Improve classification of "internal senders" in malware scanning
I like that I can enable "Notify administrator about undelivered messages from internal senders" in the malware policy.
I don't like that the malware detection engine has no idea if a sender is actually internal. It does simple domain-matching, which means that if someone is sending out malware and spoofing the sender address to pretend that it's from us, then I get notifications for days. Can't it at least do an SPF check?
We hope to have this one addressed within the next month or two.
Zac Jennings commented
The notifications aren't even as good as finding spoofed senders from our domains. It looks like they do string matching of almost any mailbox against any string in the email. This takes what could be a great quick-response tool and turns it into haystack where people have to find the needle.
So for instance, in the following example very similar to one pulled out of my logs, the string "joe.smith" matches the name of one of our mailboxes:
Subject: 12332739483714 Your Electricity Invoice 279$
Time received: 10/5/2016 5:07:25 PM
Message ID: <email@example.com>
Thorir Baldursson commented
Just had the same issue, we want to see notifications if legitimate "internal senders" are being blocked for malware. Not spoofs. Working as designed; well then it is poorly designed.
Please base the detection of internal senders on SPF rather than the senders from address so this notification actually does what it says.
Paul Garbett commented
We have the same issue, raised with MS Premier support who advised currently this is working as designed. The NDR backscatter setting doesn't stop this as the emails are not classed as backscatter as they are notifications which are configurable.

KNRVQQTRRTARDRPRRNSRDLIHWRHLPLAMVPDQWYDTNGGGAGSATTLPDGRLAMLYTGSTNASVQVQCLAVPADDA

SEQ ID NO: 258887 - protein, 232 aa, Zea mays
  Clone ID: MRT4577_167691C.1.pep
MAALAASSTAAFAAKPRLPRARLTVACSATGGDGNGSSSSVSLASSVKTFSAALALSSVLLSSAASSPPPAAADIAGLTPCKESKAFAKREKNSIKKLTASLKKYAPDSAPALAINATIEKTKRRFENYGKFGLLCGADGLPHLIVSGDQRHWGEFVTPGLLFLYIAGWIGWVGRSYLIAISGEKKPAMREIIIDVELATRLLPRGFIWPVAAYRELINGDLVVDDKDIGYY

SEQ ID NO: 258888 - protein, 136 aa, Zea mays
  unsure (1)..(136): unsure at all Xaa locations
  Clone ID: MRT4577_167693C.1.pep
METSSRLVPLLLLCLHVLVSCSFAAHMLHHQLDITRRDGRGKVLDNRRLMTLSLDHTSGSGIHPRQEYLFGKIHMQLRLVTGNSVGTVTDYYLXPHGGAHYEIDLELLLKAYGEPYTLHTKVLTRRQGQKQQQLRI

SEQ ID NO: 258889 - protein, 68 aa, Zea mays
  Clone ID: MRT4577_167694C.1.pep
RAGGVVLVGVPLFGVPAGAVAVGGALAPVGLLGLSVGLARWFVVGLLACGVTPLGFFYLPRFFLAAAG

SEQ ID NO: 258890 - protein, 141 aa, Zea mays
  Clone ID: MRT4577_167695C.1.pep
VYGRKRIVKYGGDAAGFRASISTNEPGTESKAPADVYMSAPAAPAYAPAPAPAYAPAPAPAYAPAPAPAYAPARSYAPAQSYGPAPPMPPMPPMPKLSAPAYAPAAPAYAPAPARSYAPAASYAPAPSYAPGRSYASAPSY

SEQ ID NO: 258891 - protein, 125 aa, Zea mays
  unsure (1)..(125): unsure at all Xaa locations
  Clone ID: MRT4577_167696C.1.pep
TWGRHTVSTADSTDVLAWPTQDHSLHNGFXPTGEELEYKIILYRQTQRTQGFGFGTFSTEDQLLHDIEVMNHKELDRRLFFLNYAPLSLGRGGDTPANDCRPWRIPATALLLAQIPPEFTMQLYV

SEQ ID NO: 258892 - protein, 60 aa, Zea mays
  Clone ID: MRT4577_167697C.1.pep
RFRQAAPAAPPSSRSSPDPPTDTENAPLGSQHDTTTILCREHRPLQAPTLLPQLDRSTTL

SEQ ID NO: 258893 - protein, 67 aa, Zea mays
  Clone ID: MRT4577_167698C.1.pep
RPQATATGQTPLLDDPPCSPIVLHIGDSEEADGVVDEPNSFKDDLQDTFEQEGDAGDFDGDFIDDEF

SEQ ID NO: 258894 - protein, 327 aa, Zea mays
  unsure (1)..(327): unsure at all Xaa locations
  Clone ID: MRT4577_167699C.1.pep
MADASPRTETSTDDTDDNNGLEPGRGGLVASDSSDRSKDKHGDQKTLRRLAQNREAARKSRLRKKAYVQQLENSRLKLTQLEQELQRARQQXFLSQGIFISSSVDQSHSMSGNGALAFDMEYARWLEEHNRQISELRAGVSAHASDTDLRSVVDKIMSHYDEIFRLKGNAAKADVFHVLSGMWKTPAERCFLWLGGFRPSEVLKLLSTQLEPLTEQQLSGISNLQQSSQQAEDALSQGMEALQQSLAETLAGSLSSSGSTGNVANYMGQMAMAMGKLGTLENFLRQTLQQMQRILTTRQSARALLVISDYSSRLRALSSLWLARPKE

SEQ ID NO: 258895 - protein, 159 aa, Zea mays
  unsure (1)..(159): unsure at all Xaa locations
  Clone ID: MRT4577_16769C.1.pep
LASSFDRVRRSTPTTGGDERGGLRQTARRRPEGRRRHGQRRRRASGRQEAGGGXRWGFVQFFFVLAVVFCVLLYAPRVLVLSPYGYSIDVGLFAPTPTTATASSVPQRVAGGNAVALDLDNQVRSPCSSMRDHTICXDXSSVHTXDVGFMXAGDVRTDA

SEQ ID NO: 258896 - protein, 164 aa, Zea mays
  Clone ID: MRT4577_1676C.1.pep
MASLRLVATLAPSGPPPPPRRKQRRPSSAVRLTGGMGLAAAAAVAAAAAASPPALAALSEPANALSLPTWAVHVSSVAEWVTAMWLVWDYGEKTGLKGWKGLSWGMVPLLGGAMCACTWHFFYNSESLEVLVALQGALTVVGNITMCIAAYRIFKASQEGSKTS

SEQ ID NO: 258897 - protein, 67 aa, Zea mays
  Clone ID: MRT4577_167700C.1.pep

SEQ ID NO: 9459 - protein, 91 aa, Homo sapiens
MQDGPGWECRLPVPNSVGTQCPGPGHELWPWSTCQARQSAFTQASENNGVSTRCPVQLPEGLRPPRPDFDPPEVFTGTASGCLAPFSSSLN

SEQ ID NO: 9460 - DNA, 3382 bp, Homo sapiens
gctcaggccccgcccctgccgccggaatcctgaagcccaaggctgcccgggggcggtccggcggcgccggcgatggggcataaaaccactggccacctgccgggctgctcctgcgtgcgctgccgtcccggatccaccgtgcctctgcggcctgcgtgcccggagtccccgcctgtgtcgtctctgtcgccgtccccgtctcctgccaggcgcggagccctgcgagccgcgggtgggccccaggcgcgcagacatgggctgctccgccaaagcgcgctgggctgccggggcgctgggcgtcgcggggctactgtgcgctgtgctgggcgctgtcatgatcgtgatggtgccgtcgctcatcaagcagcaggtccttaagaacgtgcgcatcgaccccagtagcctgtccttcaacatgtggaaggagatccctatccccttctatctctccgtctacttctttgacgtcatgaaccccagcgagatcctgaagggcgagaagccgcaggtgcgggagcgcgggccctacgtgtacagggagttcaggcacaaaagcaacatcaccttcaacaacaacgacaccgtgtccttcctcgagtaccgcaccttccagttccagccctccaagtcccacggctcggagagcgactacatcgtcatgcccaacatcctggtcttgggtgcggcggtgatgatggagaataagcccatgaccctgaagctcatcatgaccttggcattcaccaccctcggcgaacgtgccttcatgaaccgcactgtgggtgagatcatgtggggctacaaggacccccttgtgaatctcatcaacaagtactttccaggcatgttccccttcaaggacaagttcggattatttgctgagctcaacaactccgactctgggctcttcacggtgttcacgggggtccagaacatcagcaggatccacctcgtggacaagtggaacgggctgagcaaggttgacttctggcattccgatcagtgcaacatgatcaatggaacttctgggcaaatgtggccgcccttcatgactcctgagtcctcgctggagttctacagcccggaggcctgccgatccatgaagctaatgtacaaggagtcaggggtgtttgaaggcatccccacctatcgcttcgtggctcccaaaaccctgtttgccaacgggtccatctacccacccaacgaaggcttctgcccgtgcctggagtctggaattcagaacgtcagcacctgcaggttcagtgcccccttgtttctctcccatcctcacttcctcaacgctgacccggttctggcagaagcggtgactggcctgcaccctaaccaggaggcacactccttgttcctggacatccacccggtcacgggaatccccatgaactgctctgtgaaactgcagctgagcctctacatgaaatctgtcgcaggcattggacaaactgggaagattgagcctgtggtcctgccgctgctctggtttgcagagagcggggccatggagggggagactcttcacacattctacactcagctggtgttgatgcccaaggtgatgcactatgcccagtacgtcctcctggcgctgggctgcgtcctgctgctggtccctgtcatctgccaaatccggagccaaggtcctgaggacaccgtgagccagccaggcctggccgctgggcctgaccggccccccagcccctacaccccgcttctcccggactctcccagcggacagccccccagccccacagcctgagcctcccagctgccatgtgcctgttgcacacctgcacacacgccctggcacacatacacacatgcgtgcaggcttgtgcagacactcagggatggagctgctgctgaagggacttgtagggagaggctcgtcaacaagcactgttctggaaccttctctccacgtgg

As we can't put our spoofing transport rule before malware in the order of scanning, the only other options MS advised were to implement DKIM and dmarc, but I've seen mixed results on forums from implementing this so am holding fire for the moment.
Drew Lanclos commented
I worked around it sort-of by changing the notification alert from "delete all" to "delete attachment and replace with text file", with a custom string inserted. Then I set up mail flow rules looking for that attachment with that string, and based on whether or not an SPF-Pass was included, I'd either expunge the email entirely or I'd redirect it to the quarantine-handling group.
The malware filter applies to all messages regardless of legitimate recipient addresses or not. If administrator notifications are turned on then a notification is delivered to the administrator even if the recipient of the deleted message does not exist. Would be useful to have the filter not generate notifications about messages if the recipient does not exist.